Thursday, December 17, 2020

A man who crossed the Irish Sea from Scotland to the Isle of Man “on a jet ski” to visit his girlfriend has been jailed for breaching Covid-19 laws

A judge heard from a 28-year-old man who took four-and-a-half hours to travel from the Isle of Whithorn to Ramsey last Friday (12/11). The man made the crossing despite having never driven a water scooter before. He admitted arriving unlawfully on the island and was jailed for four weeks. Under the island’s current laws, only non-residents given special permission are allowed to enter the Isle of Man. The man was previously given permission to work as a roofer on the island for four weeks in September and, after isolating for 14 days, met his girlfriend on a night out. The court heard his subsequent applications to return had been rejected. Prosecutors said the 28-year-old bought the vehicle and set off on the journey of about 25 miles (40km), which he had expected to take 40 minutes. In mitigation, the 28-year-old man’s defense advocate said he suffered from depression and was not coping with being unable to see his partner. (BBC)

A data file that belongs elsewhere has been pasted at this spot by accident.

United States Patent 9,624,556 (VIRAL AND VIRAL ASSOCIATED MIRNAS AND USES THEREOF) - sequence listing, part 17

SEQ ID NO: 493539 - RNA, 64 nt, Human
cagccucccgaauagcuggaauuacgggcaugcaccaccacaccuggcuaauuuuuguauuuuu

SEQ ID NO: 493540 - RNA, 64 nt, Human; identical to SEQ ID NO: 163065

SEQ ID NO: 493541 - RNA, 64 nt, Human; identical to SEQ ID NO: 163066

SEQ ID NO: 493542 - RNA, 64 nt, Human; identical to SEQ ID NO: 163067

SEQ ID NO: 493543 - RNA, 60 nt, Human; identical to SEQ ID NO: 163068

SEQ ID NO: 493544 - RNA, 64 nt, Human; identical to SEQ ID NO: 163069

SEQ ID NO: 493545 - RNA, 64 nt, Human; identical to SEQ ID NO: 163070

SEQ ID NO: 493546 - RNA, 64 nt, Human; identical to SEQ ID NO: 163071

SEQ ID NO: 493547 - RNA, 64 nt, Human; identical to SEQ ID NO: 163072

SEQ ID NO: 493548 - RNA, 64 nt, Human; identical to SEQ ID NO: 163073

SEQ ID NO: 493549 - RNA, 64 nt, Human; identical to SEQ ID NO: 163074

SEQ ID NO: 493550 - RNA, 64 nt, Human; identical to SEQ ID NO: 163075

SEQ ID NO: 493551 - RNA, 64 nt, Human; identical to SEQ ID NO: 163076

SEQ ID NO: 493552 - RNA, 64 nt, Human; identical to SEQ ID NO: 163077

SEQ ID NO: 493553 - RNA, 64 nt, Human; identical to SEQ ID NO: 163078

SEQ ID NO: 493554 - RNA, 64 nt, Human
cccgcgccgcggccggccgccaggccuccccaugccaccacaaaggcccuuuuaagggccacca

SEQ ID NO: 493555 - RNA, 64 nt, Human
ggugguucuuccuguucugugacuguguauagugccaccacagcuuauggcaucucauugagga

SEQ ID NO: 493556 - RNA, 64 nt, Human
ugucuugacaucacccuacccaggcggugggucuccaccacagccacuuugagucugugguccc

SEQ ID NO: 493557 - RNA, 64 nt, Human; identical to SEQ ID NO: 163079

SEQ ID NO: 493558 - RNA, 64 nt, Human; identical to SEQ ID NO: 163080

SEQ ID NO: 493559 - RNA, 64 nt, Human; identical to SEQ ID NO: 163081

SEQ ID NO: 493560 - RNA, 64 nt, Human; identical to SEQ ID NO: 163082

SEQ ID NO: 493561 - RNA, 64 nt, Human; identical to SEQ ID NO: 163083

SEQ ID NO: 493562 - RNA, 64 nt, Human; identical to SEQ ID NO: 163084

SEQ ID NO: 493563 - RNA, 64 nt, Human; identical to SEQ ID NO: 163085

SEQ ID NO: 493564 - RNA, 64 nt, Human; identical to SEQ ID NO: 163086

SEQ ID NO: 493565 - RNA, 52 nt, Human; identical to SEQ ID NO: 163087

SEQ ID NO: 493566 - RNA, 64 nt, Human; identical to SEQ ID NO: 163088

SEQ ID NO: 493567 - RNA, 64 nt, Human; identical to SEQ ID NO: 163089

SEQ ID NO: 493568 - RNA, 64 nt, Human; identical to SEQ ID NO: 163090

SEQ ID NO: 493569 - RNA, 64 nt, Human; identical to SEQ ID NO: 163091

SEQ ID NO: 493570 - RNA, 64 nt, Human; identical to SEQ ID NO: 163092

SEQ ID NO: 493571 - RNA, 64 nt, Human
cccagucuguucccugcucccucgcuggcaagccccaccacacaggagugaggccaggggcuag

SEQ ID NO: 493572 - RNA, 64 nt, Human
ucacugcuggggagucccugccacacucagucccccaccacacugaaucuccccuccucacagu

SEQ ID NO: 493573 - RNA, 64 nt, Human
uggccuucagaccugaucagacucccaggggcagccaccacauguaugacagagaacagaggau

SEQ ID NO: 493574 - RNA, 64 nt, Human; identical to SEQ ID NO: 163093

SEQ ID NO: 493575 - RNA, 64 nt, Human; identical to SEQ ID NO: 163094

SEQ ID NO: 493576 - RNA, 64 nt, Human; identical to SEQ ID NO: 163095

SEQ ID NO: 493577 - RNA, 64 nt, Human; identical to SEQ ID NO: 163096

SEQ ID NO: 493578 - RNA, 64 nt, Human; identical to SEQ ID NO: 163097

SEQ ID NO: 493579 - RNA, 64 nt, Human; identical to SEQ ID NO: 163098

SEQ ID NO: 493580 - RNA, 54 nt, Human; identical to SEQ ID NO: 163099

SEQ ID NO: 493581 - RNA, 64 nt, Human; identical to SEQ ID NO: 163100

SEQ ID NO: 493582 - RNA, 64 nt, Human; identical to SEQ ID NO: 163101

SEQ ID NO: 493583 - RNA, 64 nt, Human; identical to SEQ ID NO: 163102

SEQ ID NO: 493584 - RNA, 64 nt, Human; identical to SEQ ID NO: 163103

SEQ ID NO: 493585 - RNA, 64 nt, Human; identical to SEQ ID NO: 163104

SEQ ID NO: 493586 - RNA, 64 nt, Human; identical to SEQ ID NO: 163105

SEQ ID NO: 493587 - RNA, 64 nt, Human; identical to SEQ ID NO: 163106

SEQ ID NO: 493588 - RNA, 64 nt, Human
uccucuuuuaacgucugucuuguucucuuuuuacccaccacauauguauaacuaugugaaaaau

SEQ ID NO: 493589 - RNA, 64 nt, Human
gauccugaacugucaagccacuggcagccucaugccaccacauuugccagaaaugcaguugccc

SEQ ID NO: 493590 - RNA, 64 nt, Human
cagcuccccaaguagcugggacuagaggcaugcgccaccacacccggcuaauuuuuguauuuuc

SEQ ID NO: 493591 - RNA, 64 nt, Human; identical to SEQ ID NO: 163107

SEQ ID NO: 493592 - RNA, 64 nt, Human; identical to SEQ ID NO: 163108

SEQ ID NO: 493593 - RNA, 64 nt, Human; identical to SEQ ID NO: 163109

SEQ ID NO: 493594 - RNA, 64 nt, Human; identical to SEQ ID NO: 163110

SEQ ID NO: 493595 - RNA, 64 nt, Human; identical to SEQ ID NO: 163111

FTC orders Amazon, Facebook and others to explain how they collect and use personal data